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Update from party conferences

This month, NCFE sent representation to the Labour and Conservative Party conferences, with the aim of hearing the latest policy announcements and influencing policy formulation.

The Labour conference began with confusion over their stance on Brexit. Over 100 Constituency Labour Party (CLP) groups tabled motions for debate and a final statement was thrashed out late on Sunday to pacify the cries for a second referendum – albeit lightly.

Conversations in fringe meetings focused on the need to raise the profile of apprenticeships in schools despite the Baker clause in place. There was also discussion around transport and access, huge issues for apprentices, with initiatives such as half price fares in Liverpool being suggested as the way forward.

Labour outlined their National Education Service one of the ‘3 core foundations’ of their movement along with health and economy. Alongside this were calls for changes to the apprenticeship levy to allow more local initiatives to be funded.

The education and skills policies announced at the conference included ending forced conversion of struggling schools to academies, a curb on creation of new free schools, and the introduction of a state-funded teacher supply service. Free college education for young people as part of the National Education Service agenda was also proposed.

The theme of this year’s Conservative Party conference was ‘opportunity’, both for the nation and the opportunities that exist after Brexit.

The ‘b-word’ (not Boris) was the shadow that loomed over the conference. It set the context in most fringe meetings, but was deliberately not directly addressed. This led to an interesting mix of long term strategising and a tendency to avoid mentioning the immediate challenges of leaving the European Union.

An interesting insight from former Education Secretary Justine Greening was that the Treasury views education as ‘spending’, not investment. This will challenge future arguments to protect education budgets.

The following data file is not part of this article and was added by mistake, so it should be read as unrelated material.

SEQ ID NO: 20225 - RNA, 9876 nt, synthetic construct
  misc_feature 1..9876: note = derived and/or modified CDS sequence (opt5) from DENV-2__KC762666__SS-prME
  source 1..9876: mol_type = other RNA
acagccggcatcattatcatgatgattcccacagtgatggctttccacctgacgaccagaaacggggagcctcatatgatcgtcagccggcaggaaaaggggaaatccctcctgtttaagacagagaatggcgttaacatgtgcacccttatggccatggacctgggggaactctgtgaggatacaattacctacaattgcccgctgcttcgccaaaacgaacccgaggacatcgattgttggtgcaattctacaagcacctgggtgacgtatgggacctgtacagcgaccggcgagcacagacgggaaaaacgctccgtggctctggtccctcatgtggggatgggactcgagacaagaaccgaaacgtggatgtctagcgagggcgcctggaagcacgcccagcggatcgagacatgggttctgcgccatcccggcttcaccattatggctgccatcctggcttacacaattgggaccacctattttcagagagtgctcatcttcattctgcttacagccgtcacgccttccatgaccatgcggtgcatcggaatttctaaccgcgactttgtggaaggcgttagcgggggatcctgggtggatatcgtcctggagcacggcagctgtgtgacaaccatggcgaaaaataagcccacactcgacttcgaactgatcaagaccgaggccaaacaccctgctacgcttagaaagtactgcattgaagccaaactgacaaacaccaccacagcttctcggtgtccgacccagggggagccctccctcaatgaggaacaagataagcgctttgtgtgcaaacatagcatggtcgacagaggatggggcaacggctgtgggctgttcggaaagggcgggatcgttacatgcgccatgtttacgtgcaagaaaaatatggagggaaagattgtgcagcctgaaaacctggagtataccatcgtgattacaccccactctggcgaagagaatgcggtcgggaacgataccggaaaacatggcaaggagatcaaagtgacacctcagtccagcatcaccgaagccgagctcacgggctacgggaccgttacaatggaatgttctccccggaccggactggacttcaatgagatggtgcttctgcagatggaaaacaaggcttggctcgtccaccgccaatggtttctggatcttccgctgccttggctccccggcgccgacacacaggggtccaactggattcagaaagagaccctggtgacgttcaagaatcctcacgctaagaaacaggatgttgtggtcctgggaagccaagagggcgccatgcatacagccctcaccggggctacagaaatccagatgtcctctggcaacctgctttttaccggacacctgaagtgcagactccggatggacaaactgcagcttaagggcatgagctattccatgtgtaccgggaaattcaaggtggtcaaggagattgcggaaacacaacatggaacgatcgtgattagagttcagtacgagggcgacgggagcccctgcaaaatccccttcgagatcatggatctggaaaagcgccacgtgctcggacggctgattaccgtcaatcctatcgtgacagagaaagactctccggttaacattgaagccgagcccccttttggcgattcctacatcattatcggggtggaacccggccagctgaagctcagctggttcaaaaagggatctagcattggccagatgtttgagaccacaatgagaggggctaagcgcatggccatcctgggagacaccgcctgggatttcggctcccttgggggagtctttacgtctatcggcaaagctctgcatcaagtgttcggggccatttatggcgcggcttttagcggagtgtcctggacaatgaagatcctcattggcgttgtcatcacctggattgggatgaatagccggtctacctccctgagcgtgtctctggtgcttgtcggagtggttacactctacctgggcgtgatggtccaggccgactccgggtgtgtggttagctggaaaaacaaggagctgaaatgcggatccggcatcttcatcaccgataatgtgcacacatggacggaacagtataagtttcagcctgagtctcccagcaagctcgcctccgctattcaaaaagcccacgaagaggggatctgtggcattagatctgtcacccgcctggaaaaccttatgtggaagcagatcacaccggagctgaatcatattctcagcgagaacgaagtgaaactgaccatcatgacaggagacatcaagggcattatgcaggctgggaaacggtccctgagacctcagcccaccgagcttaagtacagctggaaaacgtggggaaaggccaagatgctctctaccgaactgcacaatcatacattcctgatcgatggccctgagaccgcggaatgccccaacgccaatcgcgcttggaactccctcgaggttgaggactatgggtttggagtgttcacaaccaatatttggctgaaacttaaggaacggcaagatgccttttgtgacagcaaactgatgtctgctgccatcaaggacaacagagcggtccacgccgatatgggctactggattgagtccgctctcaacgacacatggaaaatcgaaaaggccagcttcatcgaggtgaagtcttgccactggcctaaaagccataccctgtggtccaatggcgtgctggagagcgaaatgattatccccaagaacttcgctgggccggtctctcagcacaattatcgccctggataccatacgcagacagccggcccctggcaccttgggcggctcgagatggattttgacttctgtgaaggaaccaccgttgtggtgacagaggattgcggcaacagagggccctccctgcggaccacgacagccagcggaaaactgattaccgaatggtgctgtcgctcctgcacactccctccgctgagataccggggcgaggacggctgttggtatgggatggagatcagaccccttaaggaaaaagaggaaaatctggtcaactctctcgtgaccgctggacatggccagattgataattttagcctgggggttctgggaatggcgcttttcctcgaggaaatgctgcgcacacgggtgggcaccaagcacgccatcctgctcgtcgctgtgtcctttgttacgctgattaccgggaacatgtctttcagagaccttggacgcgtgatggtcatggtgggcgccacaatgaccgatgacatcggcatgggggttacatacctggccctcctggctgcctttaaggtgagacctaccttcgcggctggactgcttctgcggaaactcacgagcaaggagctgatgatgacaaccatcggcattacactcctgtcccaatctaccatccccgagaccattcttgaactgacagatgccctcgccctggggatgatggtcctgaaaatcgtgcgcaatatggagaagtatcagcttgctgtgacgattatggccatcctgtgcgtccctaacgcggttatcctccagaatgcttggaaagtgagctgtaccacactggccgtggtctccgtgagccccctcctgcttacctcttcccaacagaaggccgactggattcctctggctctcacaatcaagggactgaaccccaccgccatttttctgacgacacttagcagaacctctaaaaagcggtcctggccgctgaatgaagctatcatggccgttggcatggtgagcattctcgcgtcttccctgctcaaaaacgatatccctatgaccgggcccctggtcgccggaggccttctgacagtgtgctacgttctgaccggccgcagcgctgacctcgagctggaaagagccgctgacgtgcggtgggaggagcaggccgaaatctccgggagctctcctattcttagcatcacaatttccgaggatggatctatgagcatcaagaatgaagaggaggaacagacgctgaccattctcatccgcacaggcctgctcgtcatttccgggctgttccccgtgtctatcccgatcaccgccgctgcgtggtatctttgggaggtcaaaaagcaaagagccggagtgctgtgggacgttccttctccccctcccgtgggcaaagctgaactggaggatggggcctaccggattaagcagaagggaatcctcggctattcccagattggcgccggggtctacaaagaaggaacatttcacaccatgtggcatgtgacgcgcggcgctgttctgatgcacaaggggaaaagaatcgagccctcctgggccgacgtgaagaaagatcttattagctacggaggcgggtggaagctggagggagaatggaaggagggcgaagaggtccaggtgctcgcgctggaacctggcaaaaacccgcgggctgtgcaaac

Common views heard in fringe meetings were that the apprenticeship levy is still seen as complex and a tax on business, and that immigration controls and Brexit will have a huge impact on workforce and skill levels until we train up domestic workforces to backfill these roles.

Ministers are concerned with the challenges of Brexit, machine learning and artificial intelligence to create high skills, with the Education Secretary calling for a need to understand the ‘languages of men and machines’.

In addition to this, is was announced that an increase from 10% to 25% of the apprenticeship levy will be available for employers to pass on to their supply chain, as well as a further consultation on the levy and flexibilities involved.

There was also the reaffirming of last year’s announcement of £100 million for the national retreating scheme, and an extra £10 million for knowledge of behaviour and classroom management. An additional £38 million capital investment was also set aside to support first delivery of the forthcoming T level qualifications, with a commitment to double the number of trained careers advisors in schools to support this.

Across both parties there is a broad consensus on the importance of Technical Education, in particular apprenticeships. Both parties would see T levels go ahead, although the Institute for Apprenticeships would be bought into Labour’s National Education Service in the event of their electoral victory.

With the absence of detail from Labour on how they would fund universal free college and higher education, or how the bringing back of schools to local authority control would work, it’s impossible to provide detail on how funding changes under a new government would impact on you at present.

Further apprenticeship levy reforms outlined by the Chancellor presents an interesting challenge; employer groups are pressing for the levy to be opened up to fund any relevant training. We’ll be monitoring these announcements closely, and letting you know how to get involved.


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